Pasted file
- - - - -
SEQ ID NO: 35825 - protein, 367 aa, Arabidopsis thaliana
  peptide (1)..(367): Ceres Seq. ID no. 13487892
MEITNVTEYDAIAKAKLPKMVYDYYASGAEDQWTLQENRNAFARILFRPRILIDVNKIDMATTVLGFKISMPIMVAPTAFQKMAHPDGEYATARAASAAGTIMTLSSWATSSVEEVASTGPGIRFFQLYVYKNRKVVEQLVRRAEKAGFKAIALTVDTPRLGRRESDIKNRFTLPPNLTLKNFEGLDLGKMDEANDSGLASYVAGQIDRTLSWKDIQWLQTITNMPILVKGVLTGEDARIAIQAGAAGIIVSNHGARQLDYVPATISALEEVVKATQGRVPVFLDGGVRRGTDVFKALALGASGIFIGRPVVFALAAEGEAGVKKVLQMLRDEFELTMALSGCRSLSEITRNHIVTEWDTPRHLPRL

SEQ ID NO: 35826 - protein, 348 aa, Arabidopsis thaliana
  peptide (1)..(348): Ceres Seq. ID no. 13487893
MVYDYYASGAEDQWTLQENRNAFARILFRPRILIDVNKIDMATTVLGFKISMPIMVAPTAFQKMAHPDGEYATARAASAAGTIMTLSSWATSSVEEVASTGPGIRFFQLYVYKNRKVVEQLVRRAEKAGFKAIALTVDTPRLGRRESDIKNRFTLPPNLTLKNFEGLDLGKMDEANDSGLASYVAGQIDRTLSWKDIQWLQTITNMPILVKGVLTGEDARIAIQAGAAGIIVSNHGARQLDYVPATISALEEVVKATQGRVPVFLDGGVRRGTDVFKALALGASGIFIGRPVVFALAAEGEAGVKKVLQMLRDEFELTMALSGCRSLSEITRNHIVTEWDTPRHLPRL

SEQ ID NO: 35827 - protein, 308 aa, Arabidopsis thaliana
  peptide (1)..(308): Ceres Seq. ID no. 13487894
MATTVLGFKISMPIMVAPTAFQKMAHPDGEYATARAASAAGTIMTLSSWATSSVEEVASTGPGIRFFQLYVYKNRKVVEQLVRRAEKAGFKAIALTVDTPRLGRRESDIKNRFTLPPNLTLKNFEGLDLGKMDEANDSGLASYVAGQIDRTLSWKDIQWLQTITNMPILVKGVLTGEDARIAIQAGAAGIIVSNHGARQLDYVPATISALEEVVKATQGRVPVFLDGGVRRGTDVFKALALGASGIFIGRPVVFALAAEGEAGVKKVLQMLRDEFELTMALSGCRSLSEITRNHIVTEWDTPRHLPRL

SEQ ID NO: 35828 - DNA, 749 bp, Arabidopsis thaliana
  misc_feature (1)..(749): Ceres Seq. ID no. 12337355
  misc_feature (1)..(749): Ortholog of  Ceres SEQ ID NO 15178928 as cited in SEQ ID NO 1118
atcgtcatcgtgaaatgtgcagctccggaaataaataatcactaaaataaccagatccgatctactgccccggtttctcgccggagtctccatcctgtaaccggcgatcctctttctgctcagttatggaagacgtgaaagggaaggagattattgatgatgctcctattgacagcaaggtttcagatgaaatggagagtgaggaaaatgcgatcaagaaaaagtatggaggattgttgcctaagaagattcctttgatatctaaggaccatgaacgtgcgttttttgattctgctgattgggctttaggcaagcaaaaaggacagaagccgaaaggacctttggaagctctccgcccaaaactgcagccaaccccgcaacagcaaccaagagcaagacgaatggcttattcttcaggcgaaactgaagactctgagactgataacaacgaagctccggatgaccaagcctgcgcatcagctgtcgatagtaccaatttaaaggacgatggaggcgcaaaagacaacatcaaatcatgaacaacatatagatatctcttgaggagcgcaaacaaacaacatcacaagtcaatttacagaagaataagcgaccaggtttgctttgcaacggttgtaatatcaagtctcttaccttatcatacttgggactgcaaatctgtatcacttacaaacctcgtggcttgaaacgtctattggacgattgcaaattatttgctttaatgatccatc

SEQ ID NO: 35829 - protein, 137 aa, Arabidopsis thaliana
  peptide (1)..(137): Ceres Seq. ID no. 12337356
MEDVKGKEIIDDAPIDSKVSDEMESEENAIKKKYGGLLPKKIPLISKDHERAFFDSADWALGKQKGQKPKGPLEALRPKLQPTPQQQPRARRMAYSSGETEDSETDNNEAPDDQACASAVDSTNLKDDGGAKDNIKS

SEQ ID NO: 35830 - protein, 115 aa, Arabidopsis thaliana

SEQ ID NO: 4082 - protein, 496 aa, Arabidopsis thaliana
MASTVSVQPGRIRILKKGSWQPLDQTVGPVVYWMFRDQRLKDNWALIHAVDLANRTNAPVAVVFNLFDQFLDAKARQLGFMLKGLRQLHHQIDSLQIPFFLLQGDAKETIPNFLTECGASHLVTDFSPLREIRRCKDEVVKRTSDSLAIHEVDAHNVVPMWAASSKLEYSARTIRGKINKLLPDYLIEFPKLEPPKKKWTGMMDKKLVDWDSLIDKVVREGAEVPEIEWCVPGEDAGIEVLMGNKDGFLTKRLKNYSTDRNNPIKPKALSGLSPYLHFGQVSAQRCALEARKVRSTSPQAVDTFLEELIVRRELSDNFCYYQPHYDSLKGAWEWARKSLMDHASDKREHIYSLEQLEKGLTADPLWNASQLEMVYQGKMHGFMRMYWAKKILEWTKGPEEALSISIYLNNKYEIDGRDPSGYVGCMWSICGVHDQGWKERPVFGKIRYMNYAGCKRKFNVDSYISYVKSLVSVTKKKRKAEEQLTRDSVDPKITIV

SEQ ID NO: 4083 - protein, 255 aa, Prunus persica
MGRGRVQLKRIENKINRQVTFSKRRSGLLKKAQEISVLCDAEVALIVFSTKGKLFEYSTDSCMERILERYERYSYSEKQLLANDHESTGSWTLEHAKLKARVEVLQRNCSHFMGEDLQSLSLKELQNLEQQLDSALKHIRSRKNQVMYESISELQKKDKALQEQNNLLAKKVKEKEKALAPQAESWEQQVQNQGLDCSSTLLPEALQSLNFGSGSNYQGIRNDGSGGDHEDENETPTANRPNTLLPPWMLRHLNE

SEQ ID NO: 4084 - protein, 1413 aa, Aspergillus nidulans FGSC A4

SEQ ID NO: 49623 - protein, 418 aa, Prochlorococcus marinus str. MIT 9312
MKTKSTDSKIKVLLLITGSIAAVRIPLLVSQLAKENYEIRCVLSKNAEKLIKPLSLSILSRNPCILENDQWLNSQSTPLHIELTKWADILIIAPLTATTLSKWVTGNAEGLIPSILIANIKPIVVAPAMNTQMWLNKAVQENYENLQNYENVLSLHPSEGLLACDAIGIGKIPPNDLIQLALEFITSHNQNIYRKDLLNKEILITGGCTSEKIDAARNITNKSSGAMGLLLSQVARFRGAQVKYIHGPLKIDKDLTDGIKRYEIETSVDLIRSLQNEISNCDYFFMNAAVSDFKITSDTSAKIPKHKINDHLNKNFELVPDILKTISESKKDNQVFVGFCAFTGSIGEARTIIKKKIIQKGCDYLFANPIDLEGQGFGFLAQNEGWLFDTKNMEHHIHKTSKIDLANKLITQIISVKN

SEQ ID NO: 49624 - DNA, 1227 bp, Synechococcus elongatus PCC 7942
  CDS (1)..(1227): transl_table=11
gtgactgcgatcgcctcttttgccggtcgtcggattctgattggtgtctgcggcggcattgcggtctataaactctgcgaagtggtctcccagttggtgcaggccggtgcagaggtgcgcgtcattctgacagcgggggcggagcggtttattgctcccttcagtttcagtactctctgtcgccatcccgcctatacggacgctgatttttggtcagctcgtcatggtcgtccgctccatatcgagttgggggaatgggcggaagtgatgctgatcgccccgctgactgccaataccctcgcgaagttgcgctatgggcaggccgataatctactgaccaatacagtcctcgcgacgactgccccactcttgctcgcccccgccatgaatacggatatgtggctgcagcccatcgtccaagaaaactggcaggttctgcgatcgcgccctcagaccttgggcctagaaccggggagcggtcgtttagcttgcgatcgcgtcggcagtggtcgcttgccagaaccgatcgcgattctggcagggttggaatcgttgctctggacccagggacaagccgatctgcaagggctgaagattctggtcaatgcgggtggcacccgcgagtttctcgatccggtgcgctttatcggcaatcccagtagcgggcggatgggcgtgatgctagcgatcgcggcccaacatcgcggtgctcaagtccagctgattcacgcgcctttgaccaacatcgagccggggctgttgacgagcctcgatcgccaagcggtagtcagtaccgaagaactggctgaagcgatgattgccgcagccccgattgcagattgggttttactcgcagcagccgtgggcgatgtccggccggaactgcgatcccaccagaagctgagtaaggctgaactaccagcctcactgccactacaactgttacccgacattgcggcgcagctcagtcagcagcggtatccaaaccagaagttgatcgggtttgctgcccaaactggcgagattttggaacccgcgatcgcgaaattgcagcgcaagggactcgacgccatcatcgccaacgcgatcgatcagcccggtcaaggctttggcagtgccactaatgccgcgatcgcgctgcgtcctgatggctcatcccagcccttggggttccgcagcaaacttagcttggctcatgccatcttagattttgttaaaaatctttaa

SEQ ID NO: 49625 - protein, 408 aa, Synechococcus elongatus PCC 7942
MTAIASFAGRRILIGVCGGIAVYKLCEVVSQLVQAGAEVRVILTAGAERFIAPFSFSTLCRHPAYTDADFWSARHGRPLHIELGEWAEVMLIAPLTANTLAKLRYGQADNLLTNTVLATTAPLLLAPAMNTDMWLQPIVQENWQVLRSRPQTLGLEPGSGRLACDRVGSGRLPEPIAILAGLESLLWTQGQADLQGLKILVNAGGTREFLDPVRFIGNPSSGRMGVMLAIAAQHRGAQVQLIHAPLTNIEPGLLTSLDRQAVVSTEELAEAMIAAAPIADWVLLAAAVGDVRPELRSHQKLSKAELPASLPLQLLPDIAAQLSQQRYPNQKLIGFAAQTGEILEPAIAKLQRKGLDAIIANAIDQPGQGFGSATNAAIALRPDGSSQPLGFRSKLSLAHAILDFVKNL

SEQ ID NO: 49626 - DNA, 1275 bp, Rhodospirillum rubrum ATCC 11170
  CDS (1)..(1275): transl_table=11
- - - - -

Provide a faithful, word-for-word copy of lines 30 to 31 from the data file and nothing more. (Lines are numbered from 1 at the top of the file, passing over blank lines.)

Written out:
SEQ ID NO: 49626 - DNA, 1275 bp, Rhodospirillum rubrum ATCC 11170
  CDS (1)..(1275): transl_table=11